Instead of attending Morse High School, Smith spent his freshman and sophomore years at Madison High, but he played on the junior-varsity team.

"He was like a man among boys," his father, Ray Smith, said.

Instead of transferring to Morse to play with his Pop Warner friends, he went to Lincoln Academy, the rival school.

Smith had to beat out an incumbent, something which he would have to do at every stop along his football journey.

"He threw one pass, and I said to Coach, 'Well, we know who the quarterback is,' " current Lincoln coach Tony Jackson said. "He was that good."

Smith led the Hornets to the San Diego County championship game his junior year. As a senior, Smith's team lost in the first round of the playoffs.

"One day we counted the number of touchdown passes that were dropped," former Lincoln coach Vic Player said. "This is no exaggeration. It was 30."

Schools clamored for him, and he signed a letter of intent to play at San Diego State. He was named a Parade Magazine All-American, but he did not reach the required college-entrance scores. Shortly thereafter, the Pittsburgh Pirates drafted him in the seventh round.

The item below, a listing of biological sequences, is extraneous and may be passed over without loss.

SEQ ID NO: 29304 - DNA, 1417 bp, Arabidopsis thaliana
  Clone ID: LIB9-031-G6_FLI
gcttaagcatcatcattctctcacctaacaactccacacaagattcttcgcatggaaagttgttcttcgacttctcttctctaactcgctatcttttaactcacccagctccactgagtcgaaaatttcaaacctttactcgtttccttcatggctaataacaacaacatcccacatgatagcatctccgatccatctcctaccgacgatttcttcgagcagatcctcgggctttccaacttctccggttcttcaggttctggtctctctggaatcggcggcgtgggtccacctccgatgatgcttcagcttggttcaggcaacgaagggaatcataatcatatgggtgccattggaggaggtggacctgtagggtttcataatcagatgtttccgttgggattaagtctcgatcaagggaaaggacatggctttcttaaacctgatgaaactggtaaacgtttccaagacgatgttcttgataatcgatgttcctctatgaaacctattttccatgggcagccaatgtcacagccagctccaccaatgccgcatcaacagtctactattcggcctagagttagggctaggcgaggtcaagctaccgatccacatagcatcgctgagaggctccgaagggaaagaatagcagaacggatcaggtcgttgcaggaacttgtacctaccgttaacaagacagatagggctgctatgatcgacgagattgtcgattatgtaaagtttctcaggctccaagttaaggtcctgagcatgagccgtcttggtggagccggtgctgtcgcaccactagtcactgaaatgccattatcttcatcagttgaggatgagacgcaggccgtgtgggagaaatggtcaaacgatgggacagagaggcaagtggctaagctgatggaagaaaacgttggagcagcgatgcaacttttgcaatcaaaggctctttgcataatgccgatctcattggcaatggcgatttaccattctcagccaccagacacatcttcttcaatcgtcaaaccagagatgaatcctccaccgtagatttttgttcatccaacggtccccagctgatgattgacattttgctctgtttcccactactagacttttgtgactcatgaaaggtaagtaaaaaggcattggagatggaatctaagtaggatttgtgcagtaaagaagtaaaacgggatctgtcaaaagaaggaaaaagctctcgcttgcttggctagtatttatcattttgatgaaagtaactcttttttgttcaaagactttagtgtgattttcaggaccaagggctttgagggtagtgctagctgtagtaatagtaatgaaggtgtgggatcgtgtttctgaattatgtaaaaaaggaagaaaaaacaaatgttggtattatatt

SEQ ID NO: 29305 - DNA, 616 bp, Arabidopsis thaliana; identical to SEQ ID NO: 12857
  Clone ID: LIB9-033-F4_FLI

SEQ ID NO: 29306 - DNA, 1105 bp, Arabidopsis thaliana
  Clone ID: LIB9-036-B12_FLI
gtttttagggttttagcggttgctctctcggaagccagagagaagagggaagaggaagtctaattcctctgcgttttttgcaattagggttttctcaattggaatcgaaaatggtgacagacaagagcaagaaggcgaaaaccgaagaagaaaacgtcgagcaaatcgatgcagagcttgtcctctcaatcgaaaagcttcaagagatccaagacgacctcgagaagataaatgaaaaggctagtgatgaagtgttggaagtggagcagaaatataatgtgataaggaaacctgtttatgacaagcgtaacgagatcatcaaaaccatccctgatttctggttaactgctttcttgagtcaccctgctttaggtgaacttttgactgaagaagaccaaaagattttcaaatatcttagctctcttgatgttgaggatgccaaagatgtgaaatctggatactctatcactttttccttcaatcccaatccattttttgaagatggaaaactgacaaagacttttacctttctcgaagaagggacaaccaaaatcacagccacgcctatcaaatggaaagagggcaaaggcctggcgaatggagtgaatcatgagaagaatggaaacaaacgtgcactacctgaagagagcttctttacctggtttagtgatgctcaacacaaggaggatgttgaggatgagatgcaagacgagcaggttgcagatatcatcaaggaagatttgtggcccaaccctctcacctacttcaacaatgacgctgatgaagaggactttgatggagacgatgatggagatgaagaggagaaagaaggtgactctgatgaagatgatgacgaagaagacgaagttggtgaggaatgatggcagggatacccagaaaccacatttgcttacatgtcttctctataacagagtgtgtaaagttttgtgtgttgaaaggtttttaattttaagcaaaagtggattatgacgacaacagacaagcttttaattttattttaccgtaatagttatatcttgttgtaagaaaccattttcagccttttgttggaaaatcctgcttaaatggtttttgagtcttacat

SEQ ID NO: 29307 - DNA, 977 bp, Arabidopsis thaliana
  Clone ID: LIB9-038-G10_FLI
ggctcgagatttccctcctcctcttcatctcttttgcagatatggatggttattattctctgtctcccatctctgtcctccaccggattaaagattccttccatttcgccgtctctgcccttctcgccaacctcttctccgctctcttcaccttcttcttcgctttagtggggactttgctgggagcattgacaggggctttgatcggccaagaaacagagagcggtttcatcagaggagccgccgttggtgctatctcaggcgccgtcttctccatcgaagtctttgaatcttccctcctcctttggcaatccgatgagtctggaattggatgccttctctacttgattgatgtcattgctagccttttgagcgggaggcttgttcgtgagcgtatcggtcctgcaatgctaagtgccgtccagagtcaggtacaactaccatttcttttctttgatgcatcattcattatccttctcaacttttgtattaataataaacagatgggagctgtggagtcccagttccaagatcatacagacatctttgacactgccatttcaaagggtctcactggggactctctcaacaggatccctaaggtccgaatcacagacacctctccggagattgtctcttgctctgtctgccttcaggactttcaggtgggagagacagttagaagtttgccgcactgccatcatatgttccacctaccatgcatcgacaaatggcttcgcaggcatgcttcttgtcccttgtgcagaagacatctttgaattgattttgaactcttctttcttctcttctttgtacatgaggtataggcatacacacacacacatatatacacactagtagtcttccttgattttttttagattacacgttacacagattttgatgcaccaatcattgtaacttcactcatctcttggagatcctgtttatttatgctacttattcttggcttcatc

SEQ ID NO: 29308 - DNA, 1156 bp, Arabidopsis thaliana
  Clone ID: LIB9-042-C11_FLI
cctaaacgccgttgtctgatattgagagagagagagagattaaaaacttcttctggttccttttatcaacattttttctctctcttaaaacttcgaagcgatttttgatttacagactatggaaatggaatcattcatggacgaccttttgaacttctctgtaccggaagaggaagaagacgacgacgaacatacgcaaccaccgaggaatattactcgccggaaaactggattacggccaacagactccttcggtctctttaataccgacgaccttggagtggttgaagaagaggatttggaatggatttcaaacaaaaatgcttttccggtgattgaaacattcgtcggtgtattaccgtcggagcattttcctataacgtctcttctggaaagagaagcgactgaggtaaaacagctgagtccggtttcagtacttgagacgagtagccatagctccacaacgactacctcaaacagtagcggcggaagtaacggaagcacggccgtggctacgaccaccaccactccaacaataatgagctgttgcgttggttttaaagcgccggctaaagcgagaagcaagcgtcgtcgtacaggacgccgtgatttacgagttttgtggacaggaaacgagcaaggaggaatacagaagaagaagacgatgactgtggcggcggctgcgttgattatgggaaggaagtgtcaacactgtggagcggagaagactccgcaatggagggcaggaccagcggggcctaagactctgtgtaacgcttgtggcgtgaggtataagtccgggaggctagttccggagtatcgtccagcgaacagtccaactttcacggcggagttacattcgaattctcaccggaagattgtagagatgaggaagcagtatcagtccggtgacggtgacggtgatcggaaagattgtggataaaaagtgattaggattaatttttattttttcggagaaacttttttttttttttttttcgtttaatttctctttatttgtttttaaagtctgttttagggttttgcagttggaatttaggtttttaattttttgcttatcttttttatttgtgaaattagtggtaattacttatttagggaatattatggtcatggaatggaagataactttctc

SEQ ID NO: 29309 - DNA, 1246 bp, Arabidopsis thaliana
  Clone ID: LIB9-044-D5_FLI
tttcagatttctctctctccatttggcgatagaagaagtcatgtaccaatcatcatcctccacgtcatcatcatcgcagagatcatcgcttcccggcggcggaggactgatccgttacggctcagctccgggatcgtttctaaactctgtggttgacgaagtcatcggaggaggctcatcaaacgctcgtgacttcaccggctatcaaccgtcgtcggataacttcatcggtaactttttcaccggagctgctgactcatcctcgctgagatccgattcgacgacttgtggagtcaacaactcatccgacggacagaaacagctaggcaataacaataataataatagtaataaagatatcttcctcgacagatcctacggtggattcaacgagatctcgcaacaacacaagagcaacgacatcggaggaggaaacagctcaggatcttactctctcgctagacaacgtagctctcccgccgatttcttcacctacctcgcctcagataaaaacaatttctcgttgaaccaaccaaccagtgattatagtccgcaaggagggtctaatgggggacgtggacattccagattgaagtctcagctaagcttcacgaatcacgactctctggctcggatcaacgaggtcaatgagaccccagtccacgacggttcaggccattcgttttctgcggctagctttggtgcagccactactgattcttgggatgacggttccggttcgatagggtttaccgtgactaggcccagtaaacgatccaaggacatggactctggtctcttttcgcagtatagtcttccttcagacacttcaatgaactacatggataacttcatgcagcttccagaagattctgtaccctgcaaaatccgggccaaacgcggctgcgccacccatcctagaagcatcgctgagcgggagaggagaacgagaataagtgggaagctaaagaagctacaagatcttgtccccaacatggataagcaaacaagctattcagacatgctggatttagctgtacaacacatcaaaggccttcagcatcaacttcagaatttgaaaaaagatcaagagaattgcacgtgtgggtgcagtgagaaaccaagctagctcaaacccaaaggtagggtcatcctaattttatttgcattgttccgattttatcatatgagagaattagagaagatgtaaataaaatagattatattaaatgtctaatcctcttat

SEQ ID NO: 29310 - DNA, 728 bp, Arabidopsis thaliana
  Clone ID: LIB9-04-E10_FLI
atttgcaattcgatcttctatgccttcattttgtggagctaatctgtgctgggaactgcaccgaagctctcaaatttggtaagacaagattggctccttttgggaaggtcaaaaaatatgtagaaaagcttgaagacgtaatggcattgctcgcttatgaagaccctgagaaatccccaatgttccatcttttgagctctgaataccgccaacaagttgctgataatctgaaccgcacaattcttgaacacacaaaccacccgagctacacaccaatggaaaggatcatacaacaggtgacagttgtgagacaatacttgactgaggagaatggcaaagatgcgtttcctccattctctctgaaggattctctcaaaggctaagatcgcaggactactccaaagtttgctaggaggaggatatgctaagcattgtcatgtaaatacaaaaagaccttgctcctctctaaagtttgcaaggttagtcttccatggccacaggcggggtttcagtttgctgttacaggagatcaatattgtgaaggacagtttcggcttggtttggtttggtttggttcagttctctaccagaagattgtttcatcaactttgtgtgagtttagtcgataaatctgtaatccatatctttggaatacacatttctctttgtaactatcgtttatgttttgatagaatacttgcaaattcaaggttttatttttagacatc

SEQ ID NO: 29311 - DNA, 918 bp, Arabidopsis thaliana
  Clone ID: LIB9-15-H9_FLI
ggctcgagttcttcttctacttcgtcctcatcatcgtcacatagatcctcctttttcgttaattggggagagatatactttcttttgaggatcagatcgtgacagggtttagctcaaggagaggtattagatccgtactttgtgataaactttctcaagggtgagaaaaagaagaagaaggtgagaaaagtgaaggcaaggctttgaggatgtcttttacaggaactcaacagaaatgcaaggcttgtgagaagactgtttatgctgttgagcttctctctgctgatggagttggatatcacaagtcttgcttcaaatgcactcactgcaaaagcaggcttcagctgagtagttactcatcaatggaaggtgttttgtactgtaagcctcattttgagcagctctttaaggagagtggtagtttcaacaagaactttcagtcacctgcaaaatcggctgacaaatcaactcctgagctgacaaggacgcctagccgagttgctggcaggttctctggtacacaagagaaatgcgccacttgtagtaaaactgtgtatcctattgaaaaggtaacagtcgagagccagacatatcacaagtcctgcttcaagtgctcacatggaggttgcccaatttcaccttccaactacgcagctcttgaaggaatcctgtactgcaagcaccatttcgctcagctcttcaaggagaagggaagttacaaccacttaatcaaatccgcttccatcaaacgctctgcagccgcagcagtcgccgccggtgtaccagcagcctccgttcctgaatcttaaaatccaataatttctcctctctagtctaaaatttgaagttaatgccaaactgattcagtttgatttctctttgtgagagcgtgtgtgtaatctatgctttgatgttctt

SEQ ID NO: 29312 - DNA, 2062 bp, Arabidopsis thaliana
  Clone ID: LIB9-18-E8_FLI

Choosing a different field
Without the test scores, Smith signed with the Pirates and received a $100,000 signing bonus.

"I think one of the things, if I could do it all over again, was the fact that he played three sports," Ray Smith said. "It was good while he was in high school, and all the coaches wanted him to play, but it took away from his academics."

Ray Smith was a terrific athlete at Lincoln Academy in the mid-1970s. He led San Diego County in interceptions as a senior and was drafted by the California Angels in the 11th round.

Instead of signing for $3,500, Smith went to Southwestern College, but his baseball career never materialized. In November 1977, Smith was sent to Chino state prison for his role in a robbery. He helped set up the getaway car.

"I know my son. I believe the Bengals did the right thing. I don't want to sound like I'm bragging, but I know what he brings to the game. He's not the savior, but I really believe we'll be in the Super Bowl in three or four years."